Latest posts by Sam Panico (see all)
- Mat Monsters: The Crystal Lake Crusher - 17th July 2017
- XeroXenomorphs: More Alien-Inspired Films - 15th July 2017
- Unearthing Wizard Video’s Halloween and Texas Chainsaw Massacre Atari Cartridges - 15th July 2017
1983. A small town in Pennsylvania. And your author was a thick-lensed, long haired, chubby 11-year-old who only cared about video games, comic books and pro wrestling. In short, not a lot has changed but the mileage. I spent most of my free time reading Electronic Gaming Monthly, scouring the ads for new games and wondering when they would come out. Today, we get release dates and instantly download a game as soon as it’s ready. Back then, there was a good chance that a game may never see the light of day.
I made it my mission in life to know every game coming out for every system, as well as when they would arrive in stores. A lot of that knowledge base came from calling every single toy and electronics store in my area, sometimes several times a week. Don’t worry — years later I would pay back my karma by answering the video game phones at a Toys R Us. I could recognize myself on the other end of the phone, handwritten list in sweaty paw, demanding to know when a game that no one had ever heard of would be coming out — as if minimum wage employees have the ear of Silicon Valley’s game makers!
On the small main street of my town was an electronics store. I’d beg my parents to let me shop there and on one of the rare occasions that I was allowed in, I noticed the owner selling games from under the counter. Games like Custer’s Revenge, Bachelor Party and Swedish Erotica presents Beat ‘Em & Eat ‘Em. And oh yeah — Halloween.
I was scared absolutely shitless at even the idea of John Carpenter’s masterpiece. When it aired on HBO in 1980, my father was so frightened by the ending, he slept with the lights on. A movie that could scare my dad? It had to be the most evil thing ever made ever. And I certainly wasn’t going to play the game of such an evil film!
So how did this game even get made? We can all thank Charles Band. Yep, the very same Full Moon Charles Band. At the height of the VCR rental craze, his Wizard Video imprint brought a mixture of goretastic Italian splatter fests, softcore sex movies and cinematic insanity like Pink Flamingos and Crystal Voyager, a surf movie featuring a 23-minute long version of Pink Floyd’s “Echoes.” If you grew up in the 80s and love horror, you know a Wizard Video box — big, bulky and packed with the promise of naked flesh and spurting wounds. I remember the mixture of repulsion and desire I felt as I held the Wizard boxes for Zombie 2 and I Spit On Your Grave.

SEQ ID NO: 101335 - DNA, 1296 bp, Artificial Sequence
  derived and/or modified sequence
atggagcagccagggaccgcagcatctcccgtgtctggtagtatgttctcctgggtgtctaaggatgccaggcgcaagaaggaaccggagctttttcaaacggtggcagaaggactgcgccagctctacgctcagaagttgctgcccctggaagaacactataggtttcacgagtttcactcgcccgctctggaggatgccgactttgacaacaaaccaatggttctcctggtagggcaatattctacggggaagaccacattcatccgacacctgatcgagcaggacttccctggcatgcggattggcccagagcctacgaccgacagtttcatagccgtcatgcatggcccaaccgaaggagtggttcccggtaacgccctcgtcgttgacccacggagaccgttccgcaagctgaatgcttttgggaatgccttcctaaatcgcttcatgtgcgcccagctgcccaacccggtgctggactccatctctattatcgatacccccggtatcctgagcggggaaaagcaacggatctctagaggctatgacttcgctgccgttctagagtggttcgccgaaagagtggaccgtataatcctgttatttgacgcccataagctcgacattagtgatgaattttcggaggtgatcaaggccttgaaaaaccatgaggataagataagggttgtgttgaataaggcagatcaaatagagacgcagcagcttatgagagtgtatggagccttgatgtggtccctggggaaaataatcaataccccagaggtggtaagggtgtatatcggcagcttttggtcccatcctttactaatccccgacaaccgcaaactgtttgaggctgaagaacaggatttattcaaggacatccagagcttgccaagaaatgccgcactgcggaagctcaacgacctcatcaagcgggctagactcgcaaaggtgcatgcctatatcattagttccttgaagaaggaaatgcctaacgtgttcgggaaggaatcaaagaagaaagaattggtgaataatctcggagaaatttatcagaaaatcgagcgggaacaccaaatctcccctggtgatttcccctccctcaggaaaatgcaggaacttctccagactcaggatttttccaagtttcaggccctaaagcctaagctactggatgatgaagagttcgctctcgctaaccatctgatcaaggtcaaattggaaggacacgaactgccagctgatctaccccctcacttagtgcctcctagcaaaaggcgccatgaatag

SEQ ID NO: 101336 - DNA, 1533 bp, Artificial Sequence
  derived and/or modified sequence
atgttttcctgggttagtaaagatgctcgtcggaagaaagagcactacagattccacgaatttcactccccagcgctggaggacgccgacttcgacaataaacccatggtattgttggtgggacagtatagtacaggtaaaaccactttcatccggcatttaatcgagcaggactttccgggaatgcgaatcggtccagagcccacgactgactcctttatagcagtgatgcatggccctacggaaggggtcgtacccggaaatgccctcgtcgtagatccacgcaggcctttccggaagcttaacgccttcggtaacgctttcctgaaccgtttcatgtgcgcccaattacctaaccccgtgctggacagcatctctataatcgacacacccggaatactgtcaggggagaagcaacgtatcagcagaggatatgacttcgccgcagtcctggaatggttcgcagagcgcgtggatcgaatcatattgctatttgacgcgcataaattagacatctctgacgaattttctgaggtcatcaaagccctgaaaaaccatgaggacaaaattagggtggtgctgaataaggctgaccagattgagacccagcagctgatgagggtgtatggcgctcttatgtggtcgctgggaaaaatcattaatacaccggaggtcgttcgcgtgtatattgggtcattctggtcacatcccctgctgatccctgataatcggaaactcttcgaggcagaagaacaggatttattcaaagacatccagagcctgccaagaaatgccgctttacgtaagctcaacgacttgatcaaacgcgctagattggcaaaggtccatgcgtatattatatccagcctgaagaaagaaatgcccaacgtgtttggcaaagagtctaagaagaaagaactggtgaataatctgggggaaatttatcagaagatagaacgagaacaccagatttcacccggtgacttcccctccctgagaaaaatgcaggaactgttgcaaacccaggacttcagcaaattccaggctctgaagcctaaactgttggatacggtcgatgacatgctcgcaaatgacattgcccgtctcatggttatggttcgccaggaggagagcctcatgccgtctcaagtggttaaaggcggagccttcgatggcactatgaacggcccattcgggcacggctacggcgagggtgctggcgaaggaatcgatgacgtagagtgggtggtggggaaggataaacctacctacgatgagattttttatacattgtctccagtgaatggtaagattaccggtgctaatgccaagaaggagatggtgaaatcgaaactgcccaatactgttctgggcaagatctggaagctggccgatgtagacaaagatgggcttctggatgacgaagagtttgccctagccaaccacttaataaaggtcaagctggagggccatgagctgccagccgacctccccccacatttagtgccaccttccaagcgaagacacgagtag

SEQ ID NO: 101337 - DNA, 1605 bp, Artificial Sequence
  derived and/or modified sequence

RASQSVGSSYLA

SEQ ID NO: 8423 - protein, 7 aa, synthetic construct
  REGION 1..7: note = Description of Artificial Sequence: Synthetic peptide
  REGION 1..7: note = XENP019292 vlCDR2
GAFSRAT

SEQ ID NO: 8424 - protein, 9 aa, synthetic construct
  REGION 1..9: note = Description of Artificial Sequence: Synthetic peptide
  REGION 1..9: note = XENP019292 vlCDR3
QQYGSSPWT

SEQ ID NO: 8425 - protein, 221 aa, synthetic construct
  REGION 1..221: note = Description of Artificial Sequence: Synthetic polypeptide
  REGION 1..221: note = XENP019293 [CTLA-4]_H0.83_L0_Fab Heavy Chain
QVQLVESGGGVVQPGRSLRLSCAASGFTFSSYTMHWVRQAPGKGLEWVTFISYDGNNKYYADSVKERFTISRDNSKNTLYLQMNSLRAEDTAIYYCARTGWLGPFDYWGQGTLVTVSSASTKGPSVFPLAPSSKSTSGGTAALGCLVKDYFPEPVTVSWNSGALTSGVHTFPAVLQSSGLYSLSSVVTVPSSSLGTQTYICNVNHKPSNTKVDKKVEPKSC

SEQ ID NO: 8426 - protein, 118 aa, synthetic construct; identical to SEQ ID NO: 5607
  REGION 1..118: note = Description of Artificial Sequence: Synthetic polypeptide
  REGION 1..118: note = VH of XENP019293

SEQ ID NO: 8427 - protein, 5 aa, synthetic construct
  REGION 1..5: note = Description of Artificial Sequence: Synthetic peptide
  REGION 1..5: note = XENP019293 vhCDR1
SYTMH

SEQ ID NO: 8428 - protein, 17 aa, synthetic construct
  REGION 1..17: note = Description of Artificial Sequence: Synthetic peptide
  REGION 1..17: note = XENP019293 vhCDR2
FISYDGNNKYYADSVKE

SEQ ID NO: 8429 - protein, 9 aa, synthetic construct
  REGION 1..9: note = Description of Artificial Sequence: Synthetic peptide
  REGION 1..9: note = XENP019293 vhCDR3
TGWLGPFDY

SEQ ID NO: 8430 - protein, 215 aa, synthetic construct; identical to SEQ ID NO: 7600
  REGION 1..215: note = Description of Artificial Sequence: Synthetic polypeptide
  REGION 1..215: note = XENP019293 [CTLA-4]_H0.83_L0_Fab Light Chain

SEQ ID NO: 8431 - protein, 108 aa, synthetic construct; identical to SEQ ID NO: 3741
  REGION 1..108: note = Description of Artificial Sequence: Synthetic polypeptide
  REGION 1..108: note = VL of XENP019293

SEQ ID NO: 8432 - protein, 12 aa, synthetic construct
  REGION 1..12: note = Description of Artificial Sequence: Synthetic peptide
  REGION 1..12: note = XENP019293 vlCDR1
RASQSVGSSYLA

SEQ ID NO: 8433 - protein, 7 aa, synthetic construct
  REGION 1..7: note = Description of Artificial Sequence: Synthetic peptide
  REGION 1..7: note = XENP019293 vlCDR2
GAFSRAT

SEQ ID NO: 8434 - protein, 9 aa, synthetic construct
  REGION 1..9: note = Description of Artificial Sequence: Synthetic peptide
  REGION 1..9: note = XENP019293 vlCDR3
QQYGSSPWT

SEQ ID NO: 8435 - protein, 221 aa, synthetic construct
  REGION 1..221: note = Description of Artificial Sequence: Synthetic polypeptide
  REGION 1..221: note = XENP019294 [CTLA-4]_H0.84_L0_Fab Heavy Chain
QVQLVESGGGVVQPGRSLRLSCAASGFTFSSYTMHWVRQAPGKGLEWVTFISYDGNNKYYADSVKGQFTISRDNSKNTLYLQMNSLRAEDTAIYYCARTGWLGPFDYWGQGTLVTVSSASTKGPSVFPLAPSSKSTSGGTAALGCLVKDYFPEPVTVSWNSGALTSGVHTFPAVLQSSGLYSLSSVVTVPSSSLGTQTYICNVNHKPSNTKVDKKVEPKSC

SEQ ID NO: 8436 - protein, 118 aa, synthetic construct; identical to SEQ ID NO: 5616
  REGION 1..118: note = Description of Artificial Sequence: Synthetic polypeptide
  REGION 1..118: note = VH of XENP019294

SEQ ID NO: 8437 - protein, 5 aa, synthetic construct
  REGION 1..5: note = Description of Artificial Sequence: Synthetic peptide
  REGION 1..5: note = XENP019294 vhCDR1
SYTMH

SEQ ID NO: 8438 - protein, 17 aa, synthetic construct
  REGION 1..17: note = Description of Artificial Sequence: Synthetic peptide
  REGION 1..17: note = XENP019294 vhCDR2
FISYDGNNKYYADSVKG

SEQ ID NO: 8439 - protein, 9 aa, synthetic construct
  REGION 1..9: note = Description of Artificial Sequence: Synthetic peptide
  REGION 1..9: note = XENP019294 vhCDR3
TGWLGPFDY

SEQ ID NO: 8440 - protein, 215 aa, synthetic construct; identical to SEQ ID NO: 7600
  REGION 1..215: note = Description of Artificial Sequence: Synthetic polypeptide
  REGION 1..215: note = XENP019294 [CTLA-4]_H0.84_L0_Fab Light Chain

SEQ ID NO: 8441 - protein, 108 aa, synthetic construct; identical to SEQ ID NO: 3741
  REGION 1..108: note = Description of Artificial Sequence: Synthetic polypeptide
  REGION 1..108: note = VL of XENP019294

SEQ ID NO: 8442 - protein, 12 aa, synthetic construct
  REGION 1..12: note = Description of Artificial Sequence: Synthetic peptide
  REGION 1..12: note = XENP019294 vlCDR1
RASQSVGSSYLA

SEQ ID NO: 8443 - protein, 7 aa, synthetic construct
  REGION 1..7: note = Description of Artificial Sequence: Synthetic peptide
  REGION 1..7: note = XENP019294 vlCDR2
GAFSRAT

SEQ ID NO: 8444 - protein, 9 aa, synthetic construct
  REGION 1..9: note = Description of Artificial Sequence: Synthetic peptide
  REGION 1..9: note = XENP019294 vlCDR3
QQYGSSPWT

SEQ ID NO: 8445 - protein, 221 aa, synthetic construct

Seeing the demand for Atari games, Band commissioned the two games, which were sold under the counter, limiting their availability (and how much they sold, too). The games are down and dirty pieces of grimy art, with some copies of Halloween simply having a handwritten label. Even the instruction manual is strange, as it never refers to any characters, including Michael Myers, by name! That said, “the game where he comes home” is, by most accounts, a fun and challenging game that has you trying to save the kids before The Shape kills them and you. There’s no way to beat the game — making death inevitable.
Texas Chainsaw Massacre is one of the first video games where the player was the villain. You play Leatherface, chasing young girls with your saw while avoiding barbed wire, skulls and wheelchairs. If you run out of gas, one of the girls sneaks up and kicks you right in the ass. Game over.
There were plans for other exploitation movie themed games — Flesh Gordon and Deep Throat — before Wizard Video pulled the plug on its video game division. But folks haven’t forgotten these games — NECA even put out an 8 bit Leatherface figure a few years ago.
With the new Friday the 13th game looking exactly like the films, let’s not forget our horrific video game past, of the days when some of our most frightening monsters were just blocks on the screen.